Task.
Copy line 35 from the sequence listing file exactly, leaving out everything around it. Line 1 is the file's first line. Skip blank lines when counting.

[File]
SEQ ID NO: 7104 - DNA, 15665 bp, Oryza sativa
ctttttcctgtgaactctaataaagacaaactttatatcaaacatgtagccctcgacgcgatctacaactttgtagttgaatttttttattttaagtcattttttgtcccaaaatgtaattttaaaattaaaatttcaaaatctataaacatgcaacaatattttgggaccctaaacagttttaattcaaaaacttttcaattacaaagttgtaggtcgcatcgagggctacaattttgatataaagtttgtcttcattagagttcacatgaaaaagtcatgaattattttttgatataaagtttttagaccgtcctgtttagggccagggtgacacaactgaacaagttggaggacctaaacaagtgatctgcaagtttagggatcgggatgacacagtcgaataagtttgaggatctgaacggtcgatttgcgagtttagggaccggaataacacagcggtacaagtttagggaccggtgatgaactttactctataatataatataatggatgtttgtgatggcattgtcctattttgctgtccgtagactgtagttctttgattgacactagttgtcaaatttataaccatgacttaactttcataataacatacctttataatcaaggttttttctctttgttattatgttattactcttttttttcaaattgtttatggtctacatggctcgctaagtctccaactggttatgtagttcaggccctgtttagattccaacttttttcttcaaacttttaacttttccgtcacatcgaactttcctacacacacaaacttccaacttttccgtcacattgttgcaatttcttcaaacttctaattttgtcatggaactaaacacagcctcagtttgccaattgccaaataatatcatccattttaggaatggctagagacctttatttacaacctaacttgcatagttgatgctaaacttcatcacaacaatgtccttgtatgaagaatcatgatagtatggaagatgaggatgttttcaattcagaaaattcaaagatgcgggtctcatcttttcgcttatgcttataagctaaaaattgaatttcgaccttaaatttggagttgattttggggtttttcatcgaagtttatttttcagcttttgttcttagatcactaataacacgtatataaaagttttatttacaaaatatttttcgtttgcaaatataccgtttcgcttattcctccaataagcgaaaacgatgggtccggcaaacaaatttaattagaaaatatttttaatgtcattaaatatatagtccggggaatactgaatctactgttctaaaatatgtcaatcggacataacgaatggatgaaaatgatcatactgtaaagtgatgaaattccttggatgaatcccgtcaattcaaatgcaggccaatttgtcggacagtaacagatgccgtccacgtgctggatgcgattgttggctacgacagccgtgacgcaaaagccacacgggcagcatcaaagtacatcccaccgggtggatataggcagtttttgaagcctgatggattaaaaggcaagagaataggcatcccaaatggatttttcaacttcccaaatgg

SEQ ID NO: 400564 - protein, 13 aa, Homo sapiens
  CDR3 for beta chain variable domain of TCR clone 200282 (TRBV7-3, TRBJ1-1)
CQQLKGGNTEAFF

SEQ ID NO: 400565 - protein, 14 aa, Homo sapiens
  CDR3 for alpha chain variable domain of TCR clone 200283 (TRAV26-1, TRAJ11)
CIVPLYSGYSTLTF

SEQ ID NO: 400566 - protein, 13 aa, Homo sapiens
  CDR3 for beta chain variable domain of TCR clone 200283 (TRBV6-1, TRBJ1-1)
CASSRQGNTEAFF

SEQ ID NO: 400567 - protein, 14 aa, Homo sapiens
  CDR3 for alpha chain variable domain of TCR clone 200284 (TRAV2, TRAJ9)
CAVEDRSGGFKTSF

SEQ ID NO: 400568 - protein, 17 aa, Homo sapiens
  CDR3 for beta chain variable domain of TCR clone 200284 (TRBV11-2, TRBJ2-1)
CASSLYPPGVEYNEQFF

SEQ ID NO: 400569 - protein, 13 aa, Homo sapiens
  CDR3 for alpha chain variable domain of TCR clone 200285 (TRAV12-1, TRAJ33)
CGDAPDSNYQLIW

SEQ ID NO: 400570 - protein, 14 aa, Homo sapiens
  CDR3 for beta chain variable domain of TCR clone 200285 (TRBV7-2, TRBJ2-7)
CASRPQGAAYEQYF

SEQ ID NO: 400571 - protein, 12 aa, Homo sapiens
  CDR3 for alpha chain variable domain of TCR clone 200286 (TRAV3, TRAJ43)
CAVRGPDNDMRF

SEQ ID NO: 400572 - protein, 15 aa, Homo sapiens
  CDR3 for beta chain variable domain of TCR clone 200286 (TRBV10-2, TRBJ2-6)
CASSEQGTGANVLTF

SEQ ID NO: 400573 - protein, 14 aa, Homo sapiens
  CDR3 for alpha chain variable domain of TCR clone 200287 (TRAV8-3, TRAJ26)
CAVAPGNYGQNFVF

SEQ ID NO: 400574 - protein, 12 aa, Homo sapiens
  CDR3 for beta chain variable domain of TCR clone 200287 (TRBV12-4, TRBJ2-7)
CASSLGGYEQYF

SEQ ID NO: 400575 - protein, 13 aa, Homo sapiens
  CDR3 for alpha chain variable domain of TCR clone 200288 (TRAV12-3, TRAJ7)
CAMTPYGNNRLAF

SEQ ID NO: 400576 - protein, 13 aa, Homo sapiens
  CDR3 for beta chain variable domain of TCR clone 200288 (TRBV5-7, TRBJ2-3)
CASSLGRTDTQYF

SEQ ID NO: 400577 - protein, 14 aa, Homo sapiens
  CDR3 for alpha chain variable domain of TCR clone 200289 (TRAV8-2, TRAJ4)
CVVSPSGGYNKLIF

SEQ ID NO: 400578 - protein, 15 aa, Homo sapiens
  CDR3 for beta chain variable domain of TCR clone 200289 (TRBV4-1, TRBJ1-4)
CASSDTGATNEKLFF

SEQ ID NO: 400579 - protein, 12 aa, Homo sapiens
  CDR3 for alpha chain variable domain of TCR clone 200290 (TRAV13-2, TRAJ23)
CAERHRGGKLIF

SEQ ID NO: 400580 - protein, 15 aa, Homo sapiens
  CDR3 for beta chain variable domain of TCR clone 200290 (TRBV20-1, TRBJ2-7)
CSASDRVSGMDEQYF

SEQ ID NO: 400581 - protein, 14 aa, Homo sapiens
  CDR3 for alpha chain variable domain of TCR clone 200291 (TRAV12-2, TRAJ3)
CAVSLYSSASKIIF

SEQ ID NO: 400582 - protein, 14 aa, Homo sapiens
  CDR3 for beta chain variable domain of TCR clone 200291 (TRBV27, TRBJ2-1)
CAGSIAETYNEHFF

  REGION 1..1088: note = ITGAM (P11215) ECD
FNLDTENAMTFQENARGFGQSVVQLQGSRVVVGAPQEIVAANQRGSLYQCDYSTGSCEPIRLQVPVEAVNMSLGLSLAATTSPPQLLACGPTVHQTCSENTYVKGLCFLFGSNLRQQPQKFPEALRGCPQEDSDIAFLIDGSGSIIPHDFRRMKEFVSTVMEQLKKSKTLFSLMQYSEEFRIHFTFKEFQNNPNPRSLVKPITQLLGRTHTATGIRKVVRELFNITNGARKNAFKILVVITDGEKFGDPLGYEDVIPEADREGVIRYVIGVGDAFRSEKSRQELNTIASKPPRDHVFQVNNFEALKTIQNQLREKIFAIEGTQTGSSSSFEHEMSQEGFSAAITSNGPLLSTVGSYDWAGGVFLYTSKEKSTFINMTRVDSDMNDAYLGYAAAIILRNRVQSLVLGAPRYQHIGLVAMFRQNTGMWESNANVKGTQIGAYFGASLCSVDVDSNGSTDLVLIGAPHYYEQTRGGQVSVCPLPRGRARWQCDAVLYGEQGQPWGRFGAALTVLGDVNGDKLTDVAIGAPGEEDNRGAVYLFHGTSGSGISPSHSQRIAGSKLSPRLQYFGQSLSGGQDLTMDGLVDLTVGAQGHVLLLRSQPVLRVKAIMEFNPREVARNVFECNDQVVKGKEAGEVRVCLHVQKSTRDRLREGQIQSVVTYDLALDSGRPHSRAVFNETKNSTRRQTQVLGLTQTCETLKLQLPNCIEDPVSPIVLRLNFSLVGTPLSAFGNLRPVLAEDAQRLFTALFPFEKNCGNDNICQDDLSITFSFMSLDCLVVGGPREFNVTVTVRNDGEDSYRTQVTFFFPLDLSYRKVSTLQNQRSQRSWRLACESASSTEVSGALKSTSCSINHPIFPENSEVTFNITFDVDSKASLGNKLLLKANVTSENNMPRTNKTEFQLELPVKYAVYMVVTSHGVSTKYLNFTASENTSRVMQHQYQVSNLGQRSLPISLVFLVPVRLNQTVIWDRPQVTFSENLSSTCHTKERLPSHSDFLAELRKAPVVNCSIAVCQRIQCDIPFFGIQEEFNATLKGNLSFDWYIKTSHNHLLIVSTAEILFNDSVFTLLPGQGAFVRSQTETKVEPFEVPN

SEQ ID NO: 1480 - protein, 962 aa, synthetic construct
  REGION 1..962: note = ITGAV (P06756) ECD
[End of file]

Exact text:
CASSLGGYEQYF